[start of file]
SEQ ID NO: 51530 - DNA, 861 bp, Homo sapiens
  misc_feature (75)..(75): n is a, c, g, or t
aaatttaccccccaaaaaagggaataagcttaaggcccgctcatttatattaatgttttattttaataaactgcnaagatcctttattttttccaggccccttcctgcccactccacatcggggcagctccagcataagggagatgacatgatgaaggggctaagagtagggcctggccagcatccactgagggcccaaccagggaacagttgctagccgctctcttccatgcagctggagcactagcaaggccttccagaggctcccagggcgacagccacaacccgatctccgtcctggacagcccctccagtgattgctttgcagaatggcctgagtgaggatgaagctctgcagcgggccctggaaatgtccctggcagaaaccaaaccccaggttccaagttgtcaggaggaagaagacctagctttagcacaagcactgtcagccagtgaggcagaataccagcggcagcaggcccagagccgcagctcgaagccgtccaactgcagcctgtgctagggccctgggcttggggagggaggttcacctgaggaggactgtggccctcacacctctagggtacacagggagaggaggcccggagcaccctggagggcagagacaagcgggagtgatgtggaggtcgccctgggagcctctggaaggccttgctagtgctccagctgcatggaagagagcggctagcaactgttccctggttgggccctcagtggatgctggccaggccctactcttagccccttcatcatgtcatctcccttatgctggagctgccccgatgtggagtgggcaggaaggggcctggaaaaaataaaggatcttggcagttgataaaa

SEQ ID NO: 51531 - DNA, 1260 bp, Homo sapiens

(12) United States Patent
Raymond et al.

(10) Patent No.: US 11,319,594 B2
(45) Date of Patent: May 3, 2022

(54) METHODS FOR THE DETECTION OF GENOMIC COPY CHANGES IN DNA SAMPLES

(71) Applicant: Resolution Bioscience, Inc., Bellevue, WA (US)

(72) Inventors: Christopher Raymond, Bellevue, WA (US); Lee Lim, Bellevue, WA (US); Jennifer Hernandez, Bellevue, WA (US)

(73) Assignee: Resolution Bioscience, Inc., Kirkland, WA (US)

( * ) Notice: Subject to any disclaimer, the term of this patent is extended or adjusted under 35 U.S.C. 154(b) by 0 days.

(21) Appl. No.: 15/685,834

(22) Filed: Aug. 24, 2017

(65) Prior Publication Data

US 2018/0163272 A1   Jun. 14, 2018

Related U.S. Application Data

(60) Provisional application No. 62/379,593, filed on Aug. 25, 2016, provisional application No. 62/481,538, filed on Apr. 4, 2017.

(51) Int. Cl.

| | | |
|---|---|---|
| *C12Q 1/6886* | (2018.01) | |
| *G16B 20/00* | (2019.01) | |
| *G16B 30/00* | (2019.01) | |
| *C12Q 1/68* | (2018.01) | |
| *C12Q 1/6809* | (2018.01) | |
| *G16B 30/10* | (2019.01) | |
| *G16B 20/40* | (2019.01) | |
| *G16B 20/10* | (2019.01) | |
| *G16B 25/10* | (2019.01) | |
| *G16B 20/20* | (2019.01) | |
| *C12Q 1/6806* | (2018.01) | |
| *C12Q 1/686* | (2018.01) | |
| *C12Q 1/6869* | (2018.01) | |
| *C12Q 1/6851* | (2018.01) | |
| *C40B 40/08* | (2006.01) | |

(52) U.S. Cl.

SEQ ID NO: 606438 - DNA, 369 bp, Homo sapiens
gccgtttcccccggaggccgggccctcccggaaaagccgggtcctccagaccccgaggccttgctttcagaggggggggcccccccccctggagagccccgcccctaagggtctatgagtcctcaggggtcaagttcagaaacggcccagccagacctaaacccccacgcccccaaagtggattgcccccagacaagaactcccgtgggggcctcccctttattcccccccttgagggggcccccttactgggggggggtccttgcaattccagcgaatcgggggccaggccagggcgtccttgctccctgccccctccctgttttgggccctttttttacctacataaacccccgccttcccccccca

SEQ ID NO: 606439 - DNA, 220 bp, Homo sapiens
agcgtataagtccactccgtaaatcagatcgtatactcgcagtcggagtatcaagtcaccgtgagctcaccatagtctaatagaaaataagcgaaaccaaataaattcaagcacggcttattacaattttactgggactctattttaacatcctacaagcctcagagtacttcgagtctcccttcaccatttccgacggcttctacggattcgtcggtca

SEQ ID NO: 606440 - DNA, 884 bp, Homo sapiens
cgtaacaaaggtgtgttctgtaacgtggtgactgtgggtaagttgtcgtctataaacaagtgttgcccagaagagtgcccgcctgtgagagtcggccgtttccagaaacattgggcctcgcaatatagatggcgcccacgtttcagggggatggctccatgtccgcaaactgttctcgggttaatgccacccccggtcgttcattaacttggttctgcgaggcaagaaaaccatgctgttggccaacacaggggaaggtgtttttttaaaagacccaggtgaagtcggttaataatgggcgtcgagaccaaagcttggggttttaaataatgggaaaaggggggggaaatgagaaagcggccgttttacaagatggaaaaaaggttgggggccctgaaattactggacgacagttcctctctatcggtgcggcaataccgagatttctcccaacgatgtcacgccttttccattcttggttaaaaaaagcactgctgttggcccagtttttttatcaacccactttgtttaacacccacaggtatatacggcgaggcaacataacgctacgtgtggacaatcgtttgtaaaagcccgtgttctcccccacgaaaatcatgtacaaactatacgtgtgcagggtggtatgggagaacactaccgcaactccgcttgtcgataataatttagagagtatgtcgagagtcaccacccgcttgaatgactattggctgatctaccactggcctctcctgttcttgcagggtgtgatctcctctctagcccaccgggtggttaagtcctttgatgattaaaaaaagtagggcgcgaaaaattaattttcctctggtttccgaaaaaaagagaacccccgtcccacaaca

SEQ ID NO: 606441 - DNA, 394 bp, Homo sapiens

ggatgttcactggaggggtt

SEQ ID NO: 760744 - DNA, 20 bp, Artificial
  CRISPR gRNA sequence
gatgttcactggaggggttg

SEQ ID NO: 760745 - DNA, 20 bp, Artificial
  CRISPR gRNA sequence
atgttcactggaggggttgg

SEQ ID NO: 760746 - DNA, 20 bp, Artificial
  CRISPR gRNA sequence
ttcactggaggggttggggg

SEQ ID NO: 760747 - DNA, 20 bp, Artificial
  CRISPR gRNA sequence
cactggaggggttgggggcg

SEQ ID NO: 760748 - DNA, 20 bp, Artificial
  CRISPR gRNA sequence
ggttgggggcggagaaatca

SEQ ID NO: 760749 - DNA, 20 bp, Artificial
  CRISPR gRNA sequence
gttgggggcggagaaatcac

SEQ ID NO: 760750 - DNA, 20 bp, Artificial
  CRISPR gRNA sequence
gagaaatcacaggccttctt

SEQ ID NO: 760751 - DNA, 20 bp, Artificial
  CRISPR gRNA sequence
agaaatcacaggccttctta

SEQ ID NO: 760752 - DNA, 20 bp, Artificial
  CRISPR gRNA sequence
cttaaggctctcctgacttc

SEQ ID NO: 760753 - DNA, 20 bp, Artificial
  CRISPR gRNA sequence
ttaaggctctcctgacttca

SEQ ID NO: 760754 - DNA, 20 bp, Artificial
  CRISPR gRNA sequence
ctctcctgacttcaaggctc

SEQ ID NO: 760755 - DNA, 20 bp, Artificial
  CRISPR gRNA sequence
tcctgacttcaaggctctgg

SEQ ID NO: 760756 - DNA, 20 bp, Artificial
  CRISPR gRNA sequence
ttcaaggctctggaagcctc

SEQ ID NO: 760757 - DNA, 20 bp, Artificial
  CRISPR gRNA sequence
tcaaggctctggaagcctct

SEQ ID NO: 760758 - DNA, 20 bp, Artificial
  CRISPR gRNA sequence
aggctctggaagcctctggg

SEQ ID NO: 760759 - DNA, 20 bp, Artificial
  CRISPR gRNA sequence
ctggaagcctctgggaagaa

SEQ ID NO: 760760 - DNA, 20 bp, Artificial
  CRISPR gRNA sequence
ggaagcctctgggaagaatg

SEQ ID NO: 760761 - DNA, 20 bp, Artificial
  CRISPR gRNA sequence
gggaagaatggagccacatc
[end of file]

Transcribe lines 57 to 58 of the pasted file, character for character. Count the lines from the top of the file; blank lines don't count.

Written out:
  CRISPR gRNA sequence
cactggaggggttgggggcg